Dexter Fowler has new cleats. And so does Stephen Piscotty. As we continue the fashion report.
Follow the pitching, and the pitching says yes.
Without know the context, I'm going to guess it was an accident that comes from just talking to much. I still have that goal, especially when writing.
My answer? I continue to be intrigued by DeJong, a power bat showing infield versatility. And Jordan Hicks, from a pitcher perspective.
He'll have to stop hitting.
Not this year. It's a first.
His elbow? He's recovering from elbow reconstruction, and yes he's advanced to a point where he can workout, do things for his legs, for his torso, for his other arm, and all the other things that go with working out for general health, strength. He is doing his rehab at Busch Stadium, and that means that he and Duke are going through the work together. Duke is months ahead, but he's able to help Reyes prepare for what he's going to face, and they do spend time together going through workouts. Reyes will be careful with his arm, and the first step is improving range of motion. That's been the area he's working on.
(And, yes, players call it Groundhog Day, and not because it happens once a year.)
Sure. Peralta is more likely than Adams, but there's been no movement on either in the first month of the season that makes me think either is on their way off the roster or out of town.
Third base is the position in play, because that's where the bats are going to be found and the availability, yes. The defensively gifted shortstops are just there for the taking, not at this point. But if third base is in play -- and it is -- then of course Diaz is in play for third base. That's part of the conversation. It's more likely given the current market that a third baseman could be added than the upside shortstop you're describing. If that changes, then one scenario is Diaz to third.
Profound disappointment -- and concern. A lot of good reporters and writers (and friends!) were caught in the vice. Mark Saxon made the Cardinals beat better, and his presence around the ballpark was welcomed by us all, not to mention the fact that he brought his family home to St. Louis not too long ago. For many writers of my generation, Jayson Stark was a role model -- someone who opened up baseball to us in new ways and showed us all how to cover the game with creativity and class. One of the best parts of working at the ballpark and being in this career is how writers who taught me how to do this job -- whether they intended to or not -- have become friends, and I continue to learn so much from Stark and the others about how to do this job and push this job to new places. That's why the disappointment is so deep. Baseball writer and baseball coverage is momentarily worse because of ESPN's decision and I look forward to another place snapping these writers up to bring the game back to full strength.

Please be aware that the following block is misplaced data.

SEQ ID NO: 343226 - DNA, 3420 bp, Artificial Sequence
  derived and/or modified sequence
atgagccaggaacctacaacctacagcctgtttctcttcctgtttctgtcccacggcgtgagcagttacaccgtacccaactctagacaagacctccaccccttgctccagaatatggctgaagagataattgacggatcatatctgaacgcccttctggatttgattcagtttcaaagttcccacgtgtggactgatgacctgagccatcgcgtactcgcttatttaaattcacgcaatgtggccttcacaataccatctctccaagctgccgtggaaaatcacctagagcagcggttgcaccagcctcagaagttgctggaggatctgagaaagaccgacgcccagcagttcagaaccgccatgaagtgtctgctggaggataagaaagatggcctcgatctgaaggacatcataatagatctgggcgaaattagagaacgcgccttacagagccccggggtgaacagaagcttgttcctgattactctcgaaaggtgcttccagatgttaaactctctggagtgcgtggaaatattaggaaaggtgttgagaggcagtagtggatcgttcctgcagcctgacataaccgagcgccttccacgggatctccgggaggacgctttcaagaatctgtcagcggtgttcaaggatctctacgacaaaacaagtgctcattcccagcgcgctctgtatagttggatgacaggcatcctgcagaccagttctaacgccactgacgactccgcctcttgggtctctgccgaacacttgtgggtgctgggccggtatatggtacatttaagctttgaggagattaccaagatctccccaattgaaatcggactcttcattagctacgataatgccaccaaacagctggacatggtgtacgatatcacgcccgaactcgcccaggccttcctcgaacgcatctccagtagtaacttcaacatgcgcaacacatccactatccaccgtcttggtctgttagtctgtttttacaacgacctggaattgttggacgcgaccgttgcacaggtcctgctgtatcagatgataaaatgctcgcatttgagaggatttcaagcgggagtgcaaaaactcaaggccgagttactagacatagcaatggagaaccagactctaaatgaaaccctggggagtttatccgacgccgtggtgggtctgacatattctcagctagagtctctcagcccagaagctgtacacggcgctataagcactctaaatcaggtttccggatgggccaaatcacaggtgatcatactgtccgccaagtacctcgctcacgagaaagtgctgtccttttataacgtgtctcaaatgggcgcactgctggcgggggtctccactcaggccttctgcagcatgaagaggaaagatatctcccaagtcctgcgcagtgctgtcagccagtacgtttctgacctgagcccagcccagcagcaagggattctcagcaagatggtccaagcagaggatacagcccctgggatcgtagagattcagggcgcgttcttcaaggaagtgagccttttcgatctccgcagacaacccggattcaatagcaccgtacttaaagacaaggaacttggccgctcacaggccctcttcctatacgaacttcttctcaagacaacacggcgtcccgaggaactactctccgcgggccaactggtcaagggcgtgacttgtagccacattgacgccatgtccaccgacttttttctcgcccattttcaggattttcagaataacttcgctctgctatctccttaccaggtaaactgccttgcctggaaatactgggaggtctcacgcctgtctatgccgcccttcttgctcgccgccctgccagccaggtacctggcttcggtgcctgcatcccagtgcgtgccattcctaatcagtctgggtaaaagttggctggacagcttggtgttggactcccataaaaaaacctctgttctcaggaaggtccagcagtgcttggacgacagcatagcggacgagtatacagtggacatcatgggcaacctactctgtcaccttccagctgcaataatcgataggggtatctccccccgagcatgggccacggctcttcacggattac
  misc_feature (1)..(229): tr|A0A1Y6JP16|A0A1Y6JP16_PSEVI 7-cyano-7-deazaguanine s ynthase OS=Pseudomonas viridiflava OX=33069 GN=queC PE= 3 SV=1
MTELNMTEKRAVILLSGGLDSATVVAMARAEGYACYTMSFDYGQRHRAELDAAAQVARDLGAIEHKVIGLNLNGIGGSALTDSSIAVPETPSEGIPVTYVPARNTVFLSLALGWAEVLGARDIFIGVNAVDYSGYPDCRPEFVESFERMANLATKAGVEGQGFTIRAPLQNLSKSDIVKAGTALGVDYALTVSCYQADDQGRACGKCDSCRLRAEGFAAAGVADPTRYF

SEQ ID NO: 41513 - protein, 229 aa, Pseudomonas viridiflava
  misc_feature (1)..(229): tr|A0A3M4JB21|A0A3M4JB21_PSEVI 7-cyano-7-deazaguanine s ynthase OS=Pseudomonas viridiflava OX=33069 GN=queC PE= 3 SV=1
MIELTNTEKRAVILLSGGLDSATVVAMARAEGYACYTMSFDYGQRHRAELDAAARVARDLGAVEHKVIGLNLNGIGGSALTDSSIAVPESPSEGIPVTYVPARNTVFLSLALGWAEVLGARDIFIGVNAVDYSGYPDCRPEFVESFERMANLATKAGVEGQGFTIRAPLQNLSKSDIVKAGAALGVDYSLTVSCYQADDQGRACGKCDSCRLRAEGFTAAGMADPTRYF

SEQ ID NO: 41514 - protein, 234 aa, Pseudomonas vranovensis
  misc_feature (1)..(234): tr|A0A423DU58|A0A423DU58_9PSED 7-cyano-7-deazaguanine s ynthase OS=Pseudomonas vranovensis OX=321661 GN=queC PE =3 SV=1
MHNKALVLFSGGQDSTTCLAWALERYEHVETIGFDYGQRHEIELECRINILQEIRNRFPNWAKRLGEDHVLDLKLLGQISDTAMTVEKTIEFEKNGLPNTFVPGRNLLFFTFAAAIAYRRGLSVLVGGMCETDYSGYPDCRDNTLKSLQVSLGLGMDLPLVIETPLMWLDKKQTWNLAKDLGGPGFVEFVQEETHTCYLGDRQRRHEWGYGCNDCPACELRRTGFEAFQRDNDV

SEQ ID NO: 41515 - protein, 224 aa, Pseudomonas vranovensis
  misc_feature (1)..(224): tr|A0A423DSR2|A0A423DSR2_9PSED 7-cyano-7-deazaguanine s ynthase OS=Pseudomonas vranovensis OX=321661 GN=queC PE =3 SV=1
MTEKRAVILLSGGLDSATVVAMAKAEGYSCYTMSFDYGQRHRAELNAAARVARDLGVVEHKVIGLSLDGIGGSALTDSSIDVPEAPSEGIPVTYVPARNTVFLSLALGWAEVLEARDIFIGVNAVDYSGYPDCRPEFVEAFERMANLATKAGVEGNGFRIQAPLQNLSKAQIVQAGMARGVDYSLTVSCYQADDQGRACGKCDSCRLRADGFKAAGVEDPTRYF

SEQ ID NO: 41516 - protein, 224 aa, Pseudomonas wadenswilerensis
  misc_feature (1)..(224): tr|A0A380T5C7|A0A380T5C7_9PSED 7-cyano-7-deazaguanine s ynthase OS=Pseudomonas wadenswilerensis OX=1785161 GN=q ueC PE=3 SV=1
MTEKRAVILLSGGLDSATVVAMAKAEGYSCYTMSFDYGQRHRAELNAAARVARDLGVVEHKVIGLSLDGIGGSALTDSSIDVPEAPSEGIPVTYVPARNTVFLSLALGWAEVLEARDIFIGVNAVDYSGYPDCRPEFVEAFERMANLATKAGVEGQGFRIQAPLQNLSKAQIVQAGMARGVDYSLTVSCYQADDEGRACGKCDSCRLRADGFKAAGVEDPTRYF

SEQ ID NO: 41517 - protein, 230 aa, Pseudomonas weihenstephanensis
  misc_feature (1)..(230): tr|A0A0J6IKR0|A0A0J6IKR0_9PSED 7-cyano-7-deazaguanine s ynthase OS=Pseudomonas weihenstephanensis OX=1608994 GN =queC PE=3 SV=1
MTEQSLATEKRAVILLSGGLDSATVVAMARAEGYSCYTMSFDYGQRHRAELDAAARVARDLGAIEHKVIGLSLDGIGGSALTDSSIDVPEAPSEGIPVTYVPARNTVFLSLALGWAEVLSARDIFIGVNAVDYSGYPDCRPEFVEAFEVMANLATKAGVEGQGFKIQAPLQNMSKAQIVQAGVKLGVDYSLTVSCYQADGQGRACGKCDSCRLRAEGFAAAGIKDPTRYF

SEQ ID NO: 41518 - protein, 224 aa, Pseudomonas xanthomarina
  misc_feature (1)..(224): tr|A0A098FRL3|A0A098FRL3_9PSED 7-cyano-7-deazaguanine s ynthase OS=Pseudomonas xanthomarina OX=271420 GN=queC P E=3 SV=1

Now, for the concern.
Beat writers are the bedrock of an informed populace -- whether that's for politics or sport. There are many media outlets that build their coverage on the foundation laid by beat writers. Pundits get on TV and talk about teams that they don't cover on a day to day basis, and yet speak knowledgeable about that team because they have access to the information the beat writers provide. Anchors and sportscasters and sports radio hosts and bloggers galore opine on the latest move the Cardinals made or the latest move the Cardinals might make only after reading about that move in the pages of The Post-Dispatch, online at MLB.com, or from ESPN.com's beat work. I get. Some networks want shouting. Some want brands and opinion and "hot takes" and subversive blogs and wild speculation and increasingly we're seeing people seek out media that supports/validates their view, not informs it. But what all of those things have in common is someone providing the base elements of the coverage which can then be used to construct whatever megaphone they want to use. Beat writers provide those base elements. They're the drones, fine. The worker bees collecting pollen and nectar. If the pollen goes away, so does the spread of accurate information. If the nectar goes away, so does the honey. It worries me that big entities built for the selling and promotion of honey and who lean on accurate information for that product are so eager to dismiss the people doing that work. What happens when an talking head doesn't have a beat writer to words in his/her mouth? There are some places that are going to find out.
We have a minor-league insider that runs every Sunday in the paper.
Potential power, not plus. Not from I've read.
Interesting question. When it comes to judging what is going on with a fielder who looks off, I always consider what the other player doing the same job looks like in the same situations. Both right fielders looked off yesterday. Both had similar reactions to balls in play. That makes me think something was up with the conditions. That could be a red herring because the quality of the right fielders was different in yesterday's game. The Cardinals' RF is above average, and the Reds' RF is ... not. So, comparing the two could be a red herring. I just don't want to dismiss the possibility that you bring up. I doubt it was the sun on an overcast day, but it can be how the lights bounce off the backdrop of a steel-gray sky.
Agreed. He's off to quite the slugging start at Class AAA, and that's the scouting report on the Lafayette High grad and Missouri State grad. He's got a 1.074 OPS for the Redbirds through 24 games, and 13 of his 27 hits have gone for extra bases. (He also has 20 strikeouts.) That is true to form -- if even more immediately powerful than expected. He's viewed as that basher. He's got power and an approach that he has to prove adapts to each level.
The writer. First line of defense.
(I cannot even pronounce that word, let alone use it.)
It's 51 degrees on 5/1. Yikes.